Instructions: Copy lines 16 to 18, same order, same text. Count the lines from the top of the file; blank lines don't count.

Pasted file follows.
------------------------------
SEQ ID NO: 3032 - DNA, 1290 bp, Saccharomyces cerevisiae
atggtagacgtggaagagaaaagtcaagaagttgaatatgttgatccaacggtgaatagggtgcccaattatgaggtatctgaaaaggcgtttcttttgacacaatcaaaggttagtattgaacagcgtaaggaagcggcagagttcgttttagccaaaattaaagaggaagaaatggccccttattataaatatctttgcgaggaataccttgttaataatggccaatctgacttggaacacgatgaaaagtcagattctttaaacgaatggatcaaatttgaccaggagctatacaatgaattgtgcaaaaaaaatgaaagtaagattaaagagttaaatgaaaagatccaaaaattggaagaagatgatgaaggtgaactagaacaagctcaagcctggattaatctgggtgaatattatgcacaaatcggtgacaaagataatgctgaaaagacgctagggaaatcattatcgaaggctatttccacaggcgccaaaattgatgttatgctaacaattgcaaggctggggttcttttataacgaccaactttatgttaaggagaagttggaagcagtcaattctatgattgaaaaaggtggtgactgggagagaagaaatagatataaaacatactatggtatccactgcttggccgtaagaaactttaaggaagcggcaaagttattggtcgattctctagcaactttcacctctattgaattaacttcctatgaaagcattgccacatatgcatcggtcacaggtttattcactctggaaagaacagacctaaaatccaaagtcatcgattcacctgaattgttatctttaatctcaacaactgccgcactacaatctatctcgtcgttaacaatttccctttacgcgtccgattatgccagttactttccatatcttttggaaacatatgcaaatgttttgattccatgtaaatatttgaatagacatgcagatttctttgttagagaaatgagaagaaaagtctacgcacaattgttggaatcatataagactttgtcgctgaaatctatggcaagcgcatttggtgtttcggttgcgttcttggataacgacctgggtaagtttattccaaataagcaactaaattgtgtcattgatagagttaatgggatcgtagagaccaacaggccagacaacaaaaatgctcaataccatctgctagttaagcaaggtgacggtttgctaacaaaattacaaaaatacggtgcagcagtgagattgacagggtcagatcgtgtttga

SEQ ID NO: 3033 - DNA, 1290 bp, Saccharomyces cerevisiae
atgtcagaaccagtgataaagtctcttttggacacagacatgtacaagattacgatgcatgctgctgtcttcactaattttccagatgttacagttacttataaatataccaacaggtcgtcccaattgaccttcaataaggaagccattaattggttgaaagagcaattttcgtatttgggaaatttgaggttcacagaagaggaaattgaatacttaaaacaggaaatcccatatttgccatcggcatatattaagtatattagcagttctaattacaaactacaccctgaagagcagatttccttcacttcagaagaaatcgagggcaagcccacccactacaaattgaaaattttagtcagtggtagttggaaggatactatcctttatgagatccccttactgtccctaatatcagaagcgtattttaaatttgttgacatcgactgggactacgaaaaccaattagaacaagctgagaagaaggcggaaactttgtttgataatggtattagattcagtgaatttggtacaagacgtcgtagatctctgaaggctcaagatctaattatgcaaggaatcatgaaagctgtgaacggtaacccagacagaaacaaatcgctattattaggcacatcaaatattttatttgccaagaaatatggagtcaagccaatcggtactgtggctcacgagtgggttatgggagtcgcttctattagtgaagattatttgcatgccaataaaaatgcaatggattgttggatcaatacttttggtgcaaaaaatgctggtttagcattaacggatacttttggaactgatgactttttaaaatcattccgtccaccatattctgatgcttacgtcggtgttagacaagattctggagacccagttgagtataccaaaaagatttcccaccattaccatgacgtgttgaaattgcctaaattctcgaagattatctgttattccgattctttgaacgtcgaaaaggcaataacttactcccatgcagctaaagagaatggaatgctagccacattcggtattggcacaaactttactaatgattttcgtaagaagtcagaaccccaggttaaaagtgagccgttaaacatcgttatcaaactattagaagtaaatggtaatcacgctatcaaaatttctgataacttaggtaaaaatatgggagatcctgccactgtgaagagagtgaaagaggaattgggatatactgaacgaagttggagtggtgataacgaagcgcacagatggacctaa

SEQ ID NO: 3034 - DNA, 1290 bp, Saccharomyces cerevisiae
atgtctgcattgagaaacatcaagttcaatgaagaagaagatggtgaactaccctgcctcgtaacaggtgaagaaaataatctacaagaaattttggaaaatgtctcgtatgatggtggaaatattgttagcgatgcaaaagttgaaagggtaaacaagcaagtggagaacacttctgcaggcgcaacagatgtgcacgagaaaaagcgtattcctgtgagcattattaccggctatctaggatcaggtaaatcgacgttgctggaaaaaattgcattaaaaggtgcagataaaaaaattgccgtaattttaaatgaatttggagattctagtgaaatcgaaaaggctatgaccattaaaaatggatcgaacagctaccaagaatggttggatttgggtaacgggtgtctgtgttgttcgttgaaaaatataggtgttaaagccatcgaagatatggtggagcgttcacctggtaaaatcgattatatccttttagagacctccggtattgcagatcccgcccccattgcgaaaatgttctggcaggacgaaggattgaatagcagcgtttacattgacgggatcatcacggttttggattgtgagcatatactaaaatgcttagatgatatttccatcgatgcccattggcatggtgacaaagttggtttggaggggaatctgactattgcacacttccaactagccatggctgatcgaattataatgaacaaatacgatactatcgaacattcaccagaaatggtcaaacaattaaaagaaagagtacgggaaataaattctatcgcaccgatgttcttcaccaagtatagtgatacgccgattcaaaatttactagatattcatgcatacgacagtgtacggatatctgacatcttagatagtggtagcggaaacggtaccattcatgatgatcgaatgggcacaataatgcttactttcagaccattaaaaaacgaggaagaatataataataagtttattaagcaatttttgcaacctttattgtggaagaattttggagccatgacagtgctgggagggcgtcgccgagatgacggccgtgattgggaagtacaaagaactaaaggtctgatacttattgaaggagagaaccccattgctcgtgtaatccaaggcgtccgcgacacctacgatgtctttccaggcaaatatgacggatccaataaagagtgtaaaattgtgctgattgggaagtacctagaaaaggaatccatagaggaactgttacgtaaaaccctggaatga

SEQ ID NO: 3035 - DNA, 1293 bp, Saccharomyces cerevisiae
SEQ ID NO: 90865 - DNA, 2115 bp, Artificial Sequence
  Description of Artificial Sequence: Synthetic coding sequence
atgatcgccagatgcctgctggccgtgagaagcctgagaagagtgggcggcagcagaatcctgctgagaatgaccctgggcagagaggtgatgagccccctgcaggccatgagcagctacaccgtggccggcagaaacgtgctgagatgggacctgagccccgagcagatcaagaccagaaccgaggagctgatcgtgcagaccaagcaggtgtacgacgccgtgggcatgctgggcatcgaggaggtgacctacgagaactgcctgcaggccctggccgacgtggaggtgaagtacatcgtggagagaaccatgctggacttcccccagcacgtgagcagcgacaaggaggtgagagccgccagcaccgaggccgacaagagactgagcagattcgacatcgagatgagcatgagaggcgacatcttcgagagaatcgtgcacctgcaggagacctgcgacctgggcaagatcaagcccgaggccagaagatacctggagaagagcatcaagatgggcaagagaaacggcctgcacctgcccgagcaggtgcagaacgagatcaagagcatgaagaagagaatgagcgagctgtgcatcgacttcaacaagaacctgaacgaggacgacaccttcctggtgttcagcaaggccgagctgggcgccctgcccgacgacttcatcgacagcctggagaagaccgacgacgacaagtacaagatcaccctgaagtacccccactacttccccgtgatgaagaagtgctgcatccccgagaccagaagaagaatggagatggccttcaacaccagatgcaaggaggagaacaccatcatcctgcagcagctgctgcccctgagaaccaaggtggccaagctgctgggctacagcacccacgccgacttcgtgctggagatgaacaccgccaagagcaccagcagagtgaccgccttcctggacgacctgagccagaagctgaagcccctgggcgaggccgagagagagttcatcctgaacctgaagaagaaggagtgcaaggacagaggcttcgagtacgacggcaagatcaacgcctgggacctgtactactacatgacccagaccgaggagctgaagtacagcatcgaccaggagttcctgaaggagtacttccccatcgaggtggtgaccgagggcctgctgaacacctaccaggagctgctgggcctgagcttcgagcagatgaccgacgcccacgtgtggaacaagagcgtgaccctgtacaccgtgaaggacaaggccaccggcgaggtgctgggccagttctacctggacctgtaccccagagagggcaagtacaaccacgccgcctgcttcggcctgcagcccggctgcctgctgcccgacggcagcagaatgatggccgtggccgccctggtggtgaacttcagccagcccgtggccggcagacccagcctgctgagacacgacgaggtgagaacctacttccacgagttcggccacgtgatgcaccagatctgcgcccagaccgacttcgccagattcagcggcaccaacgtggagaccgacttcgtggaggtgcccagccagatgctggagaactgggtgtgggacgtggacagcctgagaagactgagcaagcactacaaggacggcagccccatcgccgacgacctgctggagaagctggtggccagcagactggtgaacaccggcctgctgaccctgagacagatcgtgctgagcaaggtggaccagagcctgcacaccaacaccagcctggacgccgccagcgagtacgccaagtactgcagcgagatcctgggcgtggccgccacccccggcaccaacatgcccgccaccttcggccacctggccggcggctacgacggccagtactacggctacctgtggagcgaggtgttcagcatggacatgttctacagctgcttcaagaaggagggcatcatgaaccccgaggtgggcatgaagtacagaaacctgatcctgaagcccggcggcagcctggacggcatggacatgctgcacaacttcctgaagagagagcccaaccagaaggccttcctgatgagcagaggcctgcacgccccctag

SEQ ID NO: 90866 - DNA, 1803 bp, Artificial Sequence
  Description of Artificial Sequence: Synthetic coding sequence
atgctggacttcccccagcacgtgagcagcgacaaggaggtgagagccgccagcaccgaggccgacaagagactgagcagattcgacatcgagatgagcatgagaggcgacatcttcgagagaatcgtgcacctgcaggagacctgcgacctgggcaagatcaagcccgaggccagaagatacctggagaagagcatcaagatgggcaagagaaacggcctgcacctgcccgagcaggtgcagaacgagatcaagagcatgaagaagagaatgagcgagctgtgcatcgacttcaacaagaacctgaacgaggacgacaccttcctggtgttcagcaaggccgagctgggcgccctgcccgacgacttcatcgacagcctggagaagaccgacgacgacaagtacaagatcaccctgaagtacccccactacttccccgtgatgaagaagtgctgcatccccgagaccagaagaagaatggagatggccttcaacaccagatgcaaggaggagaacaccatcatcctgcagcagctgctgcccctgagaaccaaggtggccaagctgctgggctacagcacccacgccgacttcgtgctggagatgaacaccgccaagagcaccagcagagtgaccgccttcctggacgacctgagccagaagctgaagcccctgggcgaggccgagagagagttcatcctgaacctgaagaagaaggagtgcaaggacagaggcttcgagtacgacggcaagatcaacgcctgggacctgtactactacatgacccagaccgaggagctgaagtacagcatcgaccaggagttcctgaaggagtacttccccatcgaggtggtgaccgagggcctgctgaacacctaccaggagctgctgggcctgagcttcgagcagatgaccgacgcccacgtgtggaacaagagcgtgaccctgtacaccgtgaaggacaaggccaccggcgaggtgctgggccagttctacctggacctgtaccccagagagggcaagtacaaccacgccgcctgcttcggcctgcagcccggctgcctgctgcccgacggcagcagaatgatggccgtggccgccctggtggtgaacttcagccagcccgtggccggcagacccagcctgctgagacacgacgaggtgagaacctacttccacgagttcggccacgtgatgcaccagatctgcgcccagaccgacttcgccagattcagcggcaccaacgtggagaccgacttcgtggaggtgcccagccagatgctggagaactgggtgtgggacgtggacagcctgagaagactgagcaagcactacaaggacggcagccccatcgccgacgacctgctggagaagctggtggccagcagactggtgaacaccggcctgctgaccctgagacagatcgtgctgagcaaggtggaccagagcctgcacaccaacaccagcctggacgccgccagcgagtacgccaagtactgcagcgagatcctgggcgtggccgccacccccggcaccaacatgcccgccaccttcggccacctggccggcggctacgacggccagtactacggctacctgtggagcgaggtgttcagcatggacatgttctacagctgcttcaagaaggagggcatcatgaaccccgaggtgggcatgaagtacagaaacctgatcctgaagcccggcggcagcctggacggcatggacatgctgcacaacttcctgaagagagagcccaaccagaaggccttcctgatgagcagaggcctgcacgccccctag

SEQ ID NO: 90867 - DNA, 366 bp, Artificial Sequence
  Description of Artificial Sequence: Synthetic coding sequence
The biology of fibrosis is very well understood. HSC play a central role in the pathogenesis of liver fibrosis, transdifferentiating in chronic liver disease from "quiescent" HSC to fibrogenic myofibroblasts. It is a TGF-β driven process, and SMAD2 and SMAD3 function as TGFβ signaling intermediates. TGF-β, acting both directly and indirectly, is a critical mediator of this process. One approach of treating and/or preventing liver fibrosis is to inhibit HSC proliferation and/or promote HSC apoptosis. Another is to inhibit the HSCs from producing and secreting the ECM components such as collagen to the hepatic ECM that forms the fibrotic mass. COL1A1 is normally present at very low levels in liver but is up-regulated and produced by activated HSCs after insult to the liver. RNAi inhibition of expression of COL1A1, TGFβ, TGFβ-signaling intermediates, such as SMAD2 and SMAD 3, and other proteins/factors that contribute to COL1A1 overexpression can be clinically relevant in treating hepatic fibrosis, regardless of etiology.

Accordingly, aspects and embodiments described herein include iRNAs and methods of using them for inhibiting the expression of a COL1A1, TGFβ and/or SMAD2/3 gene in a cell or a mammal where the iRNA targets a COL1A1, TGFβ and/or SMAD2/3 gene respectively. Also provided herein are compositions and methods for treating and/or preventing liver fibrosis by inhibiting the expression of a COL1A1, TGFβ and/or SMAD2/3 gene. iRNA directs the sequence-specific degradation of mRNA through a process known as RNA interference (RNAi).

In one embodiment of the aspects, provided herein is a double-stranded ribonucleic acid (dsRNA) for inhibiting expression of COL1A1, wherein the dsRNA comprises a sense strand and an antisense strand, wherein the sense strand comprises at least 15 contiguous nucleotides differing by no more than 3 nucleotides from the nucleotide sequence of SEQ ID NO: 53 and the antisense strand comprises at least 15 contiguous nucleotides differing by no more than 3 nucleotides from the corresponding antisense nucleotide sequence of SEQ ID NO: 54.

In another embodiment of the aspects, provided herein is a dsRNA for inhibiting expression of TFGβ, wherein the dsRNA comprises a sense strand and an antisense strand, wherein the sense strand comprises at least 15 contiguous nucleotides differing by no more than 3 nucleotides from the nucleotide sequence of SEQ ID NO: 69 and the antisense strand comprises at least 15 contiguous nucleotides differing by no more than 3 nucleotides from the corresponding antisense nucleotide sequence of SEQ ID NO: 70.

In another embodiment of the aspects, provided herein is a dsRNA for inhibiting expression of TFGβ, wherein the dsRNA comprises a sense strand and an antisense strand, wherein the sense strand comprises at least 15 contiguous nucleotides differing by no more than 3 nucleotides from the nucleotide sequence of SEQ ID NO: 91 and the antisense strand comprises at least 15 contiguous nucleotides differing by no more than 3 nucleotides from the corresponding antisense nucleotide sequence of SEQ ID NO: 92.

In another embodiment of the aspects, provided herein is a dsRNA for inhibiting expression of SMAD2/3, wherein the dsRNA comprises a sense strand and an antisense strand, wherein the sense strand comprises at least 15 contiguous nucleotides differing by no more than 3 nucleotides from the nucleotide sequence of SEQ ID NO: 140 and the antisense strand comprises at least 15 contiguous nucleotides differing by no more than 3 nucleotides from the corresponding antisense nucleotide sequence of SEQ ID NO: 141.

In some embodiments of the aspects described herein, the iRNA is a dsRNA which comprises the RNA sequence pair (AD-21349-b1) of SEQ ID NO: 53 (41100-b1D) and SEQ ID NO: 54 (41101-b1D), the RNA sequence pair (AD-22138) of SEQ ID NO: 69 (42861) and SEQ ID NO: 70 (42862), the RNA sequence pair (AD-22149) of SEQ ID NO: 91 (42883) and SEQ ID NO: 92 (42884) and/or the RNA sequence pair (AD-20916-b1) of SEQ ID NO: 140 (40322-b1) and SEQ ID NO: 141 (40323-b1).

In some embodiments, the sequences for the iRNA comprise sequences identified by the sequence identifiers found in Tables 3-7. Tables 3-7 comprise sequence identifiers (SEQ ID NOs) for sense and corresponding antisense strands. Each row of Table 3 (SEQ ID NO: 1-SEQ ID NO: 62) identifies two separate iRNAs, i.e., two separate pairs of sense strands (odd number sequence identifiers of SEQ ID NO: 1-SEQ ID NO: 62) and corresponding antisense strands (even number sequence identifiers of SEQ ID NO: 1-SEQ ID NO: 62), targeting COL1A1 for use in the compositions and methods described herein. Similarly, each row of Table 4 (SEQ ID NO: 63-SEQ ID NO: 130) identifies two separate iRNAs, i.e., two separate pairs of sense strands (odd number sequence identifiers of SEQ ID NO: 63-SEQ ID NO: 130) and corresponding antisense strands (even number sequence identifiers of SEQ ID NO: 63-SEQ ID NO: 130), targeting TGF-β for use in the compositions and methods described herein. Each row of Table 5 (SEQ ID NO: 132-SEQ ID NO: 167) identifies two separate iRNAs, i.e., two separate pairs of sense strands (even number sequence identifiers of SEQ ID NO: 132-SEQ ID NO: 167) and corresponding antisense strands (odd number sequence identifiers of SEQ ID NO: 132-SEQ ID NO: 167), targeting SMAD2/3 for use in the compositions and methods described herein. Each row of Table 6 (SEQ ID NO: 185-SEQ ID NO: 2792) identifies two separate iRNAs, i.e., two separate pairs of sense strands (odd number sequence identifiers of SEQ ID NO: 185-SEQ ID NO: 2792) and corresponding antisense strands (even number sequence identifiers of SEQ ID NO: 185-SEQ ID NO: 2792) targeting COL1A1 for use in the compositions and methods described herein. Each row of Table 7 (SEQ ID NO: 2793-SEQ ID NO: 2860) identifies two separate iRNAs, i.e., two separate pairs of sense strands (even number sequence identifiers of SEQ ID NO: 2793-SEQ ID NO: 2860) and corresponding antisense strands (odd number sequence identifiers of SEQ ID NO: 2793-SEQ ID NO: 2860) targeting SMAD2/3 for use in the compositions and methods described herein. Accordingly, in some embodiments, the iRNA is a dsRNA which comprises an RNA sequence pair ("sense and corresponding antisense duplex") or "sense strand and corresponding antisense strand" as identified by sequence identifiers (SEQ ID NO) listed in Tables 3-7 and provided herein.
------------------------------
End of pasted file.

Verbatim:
The biology of fibrosis is very well understood. HSC play a central role in the pathogenesis of liver fibrosis, transdifferentiating in chronic liver disease from "quiescent" HSC to fibrogenic myofibroblasts. It is a TGF-β driven process, and SMAD2 and SMAD3 function as TGFβ signaling intermediates. TGF-β, acting both directly and indirectly, is a critical mediator of this process. One approach of treating and/or preventing liver fibrosis is to inhibit HSC proliferation and/or promote HSC apoptosis. Another is to inhibit the HSCs from producing and secreting the ECM components such as collagen to the hepatic ECM that forms the fibrotic mass. COL1A1 is normally present at very low levels in liver but is up-regulated and produced by activated HSCs after insult to the liver. RNAi inhibition of expression of COL1A1, TGFβ, TGFβ-signaling intermediates, such as SMAD2 and SMAD 3, and other proteins/factors that contribute to COL1A1 overexpression can be clinically relevant in treating hepatic fibrosis, regardless of etiology.

Accordingly, aspects and embodiments described herein include iRNAs and methods of using them for inhibiting the expression of a COL1A1, TGFβ and/or SMAD2/3 gene in a cell or a mammal where the iRNA targets a COL1A1, TGFβ and/or SMAD2/3 gene respectively. Also provided herein are compositions and methods for treating and/or preventing liver fibrosis by inhibiting the expression of a COL1A1, TGFβ and/or SMAD2/3 gene. iRNA directs the sequence-specific degradation of mRNA through a process known as RNA interference (RNAi).

In one embodiment of the aspects, provided herein is a double-stranded ribonucleic acid (dsRNA) for inhibiting expression of COL1A1, wherein the dsRNA comprises a sense strand and an antisense strand, wherein the sense strand comprises at least 15 contiguous nucleotides differing by no more than 3 nucleotides from the nucleotide sequence of SEQ ID NO: 53 and the antisense strand comprises at least 15 contiguous nucleotides differing by no more than 3 nucleotides from the corresponding antisense nucleotide sequence of SEQ ID NO: 54.